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Written by: Olivia Stanley
A wise Learning Lab teacher once said, “Life is short… but life is long.” As someone whose calendar is never empty, the “short” part of that statement usually feels incredibly apt. Now that I am staring the end of my senior year in the face and wondering where all the time went, I think of the unknown in front of me and take comfort in these words. I’ve got time. We all do. If it weren’t for Learning Lab and Theatre Three, I don’t know if I would feel that sense of assurance so deeply.
My name is Olivia Stanley. I’m eighteen years old, and I am a senior at Booker T. Washington High School for the Performing and Visual Arts. For the past year, I have been a member of the Norma Young Learning Lab, an audition-only advanced acting class taught by an industry professional (hi, Mrs. LeBlanc!) and combined with an internship at Theatre Three. Over the course of the year, we have participated in mock auditions, attended masterclasses with some of the most talented and prolific artists I have ever met, learned about “the business of the business,” studied Shakespeare, interviewed professionals, read and written plays, and observed countless Theatre Three rehearsals, previews, and performances, alongside other outside shows.
We are affectionately referred to by our teacher as the Lab Rats.
At the beginning of the year, Associate Artistic Director Christie Vela, who I had the honor and privilege of interviewing for a class assignment, promised us that Theatre Three would become our second home. At first, I couldn’t help but find that hard to believe. How could I even begin to fill the same space as the seasoned, polished artists who had been gracing the professional stage for years? How would I ever be worthy of calling such a stellar haven of artistic expression my “second home?” I took the message, as I’m sure many of my fellow “Lab Rats” did, as a kindness. A courtesy. As much as I dreamed of finding the same comfort and ease in the professional world as those involved with Theatre Three’s sensational seasonal lineup, I stubbornly maintained the internal ideation that I was too young, too amateurish, too untalented to “make it” in the world that I was lucky enough to gain unique insight into.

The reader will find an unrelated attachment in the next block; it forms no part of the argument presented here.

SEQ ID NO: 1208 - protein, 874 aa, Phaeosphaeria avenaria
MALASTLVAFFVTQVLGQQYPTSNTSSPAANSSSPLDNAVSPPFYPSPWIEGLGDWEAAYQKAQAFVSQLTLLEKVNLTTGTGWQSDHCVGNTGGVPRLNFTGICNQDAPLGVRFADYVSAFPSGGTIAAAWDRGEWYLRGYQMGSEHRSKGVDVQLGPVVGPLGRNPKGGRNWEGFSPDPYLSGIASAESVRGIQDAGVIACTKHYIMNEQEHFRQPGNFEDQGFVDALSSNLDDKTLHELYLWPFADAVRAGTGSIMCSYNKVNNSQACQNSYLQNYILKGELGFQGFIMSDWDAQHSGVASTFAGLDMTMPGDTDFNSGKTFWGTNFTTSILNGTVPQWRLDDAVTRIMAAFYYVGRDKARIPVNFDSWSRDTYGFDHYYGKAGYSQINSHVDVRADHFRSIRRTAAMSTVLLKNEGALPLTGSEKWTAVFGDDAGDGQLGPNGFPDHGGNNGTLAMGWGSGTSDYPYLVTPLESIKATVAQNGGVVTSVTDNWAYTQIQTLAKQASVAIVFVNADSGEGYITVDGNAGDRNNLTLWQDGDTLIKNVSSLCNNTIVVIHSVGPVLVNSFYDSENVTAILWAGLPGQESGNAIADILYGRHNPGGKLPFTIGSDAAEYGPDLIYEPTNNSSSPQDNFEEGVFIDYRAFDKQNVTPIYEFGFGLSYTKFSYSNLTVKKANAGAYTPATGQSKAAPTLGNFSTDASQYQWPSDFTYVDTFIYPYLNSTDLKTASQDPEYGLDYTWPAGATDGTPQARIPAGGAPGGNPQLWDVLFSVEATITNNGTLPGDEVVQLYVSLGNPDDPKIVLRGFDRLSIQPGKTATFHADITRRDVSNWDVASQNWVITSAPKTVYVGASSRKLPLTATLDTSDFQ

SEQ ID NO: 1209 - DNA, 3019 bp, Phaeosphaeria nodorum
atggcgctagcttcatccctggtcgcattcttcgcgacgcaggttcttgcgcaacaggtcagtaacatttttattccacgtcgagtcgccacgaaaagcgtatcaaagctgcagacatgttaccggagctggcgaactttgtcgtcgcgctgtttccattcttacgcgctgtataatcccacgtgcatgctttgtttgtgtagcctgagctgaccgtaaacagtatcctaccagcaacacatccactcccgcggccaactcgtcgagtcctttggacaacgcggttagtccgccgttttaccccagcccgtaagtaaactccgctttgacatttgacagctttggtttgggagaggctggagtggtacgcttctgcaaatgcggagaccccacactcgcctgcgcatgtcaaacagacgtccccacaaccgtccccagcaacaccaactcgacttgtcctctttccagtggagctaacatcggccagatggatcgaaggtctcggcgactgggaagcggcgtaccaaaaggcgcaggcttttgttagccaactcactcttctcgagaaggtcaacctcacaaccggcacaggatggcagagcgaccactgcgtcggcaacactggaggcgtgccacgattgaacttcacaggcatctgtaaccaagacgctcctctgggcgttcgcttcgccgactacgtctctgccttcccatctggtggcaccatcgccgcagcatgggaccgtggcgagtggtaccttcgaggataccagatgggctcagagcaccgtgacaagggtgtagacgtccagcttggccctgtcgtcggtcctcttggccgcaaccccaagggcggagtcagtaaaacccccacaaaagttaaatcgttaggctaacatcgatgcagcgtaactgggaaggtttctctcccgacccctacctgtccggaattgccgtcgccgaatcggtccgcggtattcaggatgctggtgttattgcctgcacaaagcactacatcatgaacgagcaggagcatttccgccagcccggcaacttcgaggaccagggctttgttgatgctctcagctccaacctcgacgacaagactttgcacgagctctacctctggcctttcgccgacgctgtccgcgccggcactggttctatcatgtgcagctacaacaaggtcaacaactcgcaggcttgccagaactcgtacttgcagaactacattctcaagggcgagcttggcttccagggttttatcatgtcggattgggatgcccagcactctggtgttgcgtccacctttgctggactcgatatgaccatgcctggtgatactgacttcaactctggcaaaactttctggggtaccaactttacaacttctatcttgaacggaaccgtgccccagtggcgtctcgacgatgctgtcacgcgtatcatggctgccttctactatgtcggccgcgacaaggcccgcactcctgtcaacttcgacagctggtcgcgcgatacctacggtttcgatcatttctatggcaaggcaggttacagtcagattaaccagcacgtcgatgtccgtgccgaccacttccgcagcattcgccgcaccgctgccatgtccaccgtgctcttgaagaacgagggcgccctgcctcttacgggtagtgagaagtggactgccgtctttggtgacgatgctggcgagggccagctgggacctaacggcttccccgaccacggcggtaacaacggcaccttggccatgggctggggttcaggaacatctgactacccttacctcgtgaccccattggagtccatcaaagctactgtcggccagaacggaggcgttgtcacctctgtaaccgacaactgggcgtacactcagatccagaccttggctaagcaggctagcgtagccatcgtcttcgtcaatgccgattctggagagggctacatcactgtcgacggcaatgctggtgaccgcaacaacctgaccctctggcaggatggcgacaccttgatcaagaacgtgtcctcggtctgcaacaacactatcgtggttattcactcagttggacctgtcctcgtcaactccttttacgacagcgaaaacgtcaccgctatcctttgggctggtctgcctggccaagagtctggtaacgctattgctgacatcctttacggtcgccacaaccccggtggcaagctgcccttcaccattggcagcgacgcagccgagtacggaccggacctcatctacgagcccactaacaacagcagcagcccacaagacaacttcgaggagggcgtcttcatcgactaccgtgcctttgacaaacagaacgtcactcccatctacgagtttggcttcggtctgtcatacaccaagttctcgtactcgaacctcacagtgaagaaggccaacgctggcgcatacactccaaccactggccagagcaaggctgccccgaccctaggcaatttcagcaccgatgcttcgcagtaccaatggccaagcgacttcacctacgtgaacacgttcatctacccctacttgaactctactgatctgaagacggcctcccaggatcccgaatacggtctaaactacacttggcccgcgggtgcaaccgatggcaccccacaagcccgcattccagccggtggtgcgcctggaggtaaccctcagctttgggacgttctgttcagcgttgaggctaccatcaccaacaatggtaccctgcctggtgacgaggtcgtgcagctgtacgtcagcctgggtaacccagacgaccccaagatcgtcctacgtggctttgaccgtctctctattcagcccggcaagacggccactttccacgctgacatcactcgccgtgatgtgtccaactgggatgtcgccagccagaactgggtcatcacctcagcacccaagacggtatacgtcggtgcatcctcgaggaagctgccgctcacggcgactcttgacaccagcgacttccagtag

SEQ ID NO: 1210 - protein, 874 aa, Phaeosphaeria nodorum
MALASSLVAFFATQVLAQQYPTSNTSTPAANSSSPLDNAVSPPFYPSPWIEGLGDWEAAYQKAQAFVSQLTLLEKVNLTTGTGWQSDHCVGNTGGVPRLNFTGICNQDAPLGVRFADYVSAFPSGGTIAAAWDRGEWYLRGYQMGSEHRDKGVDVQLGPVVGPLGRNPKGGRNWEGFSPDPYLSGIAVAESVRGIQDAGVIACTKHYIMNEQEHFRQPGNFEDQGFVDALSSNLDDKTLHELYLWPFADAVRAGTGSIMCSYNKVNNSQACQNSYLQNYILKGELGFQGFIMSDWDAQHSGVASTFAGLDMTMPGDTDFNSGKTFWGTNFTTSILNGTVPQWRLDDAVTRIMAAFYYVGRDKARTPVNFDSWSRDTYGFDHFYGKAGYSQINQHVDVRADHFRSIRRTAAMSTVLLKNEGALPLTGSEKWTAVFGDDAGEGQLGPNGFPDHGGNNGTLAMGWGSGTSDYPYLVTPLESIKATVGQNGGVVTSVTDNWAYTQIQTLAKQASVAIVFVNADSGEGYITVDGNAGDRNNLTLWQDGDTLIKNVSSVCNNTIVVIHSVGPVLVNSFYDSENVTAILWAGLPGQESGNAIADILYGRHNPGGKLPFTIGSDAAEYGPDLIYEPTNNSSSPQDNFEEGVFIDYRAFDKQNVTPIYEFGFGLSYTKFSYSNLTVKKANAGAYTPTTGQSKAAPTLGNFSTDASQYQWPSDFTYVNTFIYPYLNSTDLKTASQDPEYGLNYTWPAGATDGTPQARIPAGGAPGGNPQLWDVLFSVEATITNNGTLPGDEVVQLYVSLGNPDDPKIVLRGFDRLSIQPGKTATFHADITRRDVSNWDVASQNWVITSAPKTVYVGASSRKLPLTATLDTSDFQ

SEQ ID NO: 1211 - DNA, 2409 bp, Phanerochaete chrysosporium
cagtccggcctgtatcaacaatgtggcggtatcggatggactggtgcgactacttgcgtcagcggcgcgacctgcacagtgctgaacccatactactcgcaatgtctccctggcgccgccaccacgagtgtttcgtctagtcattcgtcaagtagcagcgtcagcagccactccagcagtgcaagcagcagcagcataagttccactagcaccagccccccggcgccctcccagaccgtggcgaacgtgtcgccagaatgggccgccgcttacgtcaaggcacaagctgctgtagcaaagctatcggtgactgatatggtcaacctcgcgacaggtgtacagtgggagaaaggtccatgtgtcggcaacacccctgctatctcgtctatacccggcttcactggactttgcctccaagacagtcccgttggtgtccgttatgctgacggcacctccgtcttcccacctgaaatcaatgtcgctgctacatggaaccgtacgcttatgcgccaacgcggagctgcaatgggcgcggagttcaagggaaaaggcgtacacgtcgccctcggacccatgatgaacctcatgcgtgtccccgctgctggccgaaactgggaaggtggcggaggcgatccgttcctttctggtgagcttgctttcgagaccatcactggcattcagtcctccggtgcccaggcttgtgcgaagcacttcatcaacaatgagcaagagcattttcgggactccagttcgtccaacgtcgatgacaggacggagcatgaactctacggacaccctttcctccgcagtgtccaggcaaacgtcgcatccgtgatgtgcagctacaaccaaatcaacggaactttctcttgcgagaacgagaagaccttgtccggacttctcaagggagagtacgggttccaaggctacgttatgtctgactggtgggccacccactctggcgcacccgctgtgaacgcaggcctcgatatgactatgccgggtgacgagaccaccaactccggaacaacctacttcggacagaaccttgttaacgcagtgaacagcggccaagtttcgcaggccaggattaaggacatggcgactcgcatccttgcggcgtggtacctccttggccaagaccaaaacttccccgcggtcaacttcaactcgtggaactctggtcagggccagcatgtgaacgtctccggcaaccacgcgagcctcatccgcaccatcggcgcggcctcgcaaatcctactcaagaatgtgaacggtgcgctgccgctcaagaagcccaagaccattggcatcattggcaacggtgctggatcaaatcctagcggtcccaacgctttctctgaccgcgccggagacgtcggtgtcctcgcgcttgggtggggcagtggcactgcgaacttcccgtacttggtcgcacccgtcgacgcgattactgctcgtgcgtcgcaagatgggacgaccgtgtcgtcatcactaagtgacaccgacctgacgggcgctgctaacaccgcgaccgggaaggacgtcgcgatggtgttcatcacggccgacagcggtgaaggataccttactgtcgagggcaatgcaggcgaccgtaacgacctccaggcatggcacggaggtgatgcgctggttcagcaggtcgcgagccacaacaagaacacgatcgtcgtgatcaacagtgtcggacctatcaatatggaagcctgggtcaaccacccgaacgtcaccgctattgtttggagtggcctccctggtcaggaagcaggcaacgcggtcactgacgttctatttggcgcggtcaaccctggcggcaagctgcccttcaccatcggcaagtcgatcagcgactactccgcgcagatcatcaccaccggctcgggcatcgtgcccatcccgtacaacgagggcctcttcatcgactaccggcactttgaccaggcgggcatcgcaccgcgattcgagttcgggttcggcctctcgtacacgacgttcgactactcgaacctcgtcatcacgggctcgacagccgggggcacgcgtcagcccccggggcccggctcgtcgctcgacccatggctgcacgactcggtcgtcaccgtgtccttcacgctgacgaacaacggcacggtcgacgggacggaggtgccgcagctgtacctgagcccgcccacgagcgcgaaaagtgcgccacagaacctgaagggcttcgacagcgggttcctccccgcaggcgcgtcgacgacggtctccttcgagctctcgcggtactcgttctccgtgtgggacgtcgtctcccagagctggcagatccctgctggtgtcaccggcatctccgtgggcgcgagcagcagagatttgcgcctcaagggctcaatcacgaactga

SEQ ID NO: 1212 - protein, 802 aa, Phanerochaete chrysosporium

I couldn’t have been more wrong.
Senior year was a year of hard lessons for me. As much as I love the stage with my whole heart, a shy, anxious, scared little girl from years past was still inside me, too afraid to believe in herself. The closer I got to realizing my aspirations, the more she shrank back. Despite every success, every lead role and callback and showcase, there was still a quiet, nagging voice in my head telling me that I wasn’t good enough. I realized that if I truly wanted to spend my life in this industry, I had to show her that she was going to be okay.
Learning Lab helped these two Olivias, one afraid of the future and one hungry for a life rich and full of theatre and risk-taking, shake hands and make up. One of the most impactful moments of my twelve years of acting was watching the rehearsal process for Lizzie: The Rock Musical, Theatre Three’s season opener. Witnessing four breathtakingly talented women (one of whom WAS MY TEACHER– how cool is that?) take the stage, advocate for themselves, and tell a painfully raw and emotional tale was life-affirming. They did not hold back. They did not apologize. In Lizzie, women rage. They scream. They grieve. They love, but not to fit into an archetype. They love on their own terms. It’s messy. It’s intensely beautiful. And it’s exactly what I needed to see.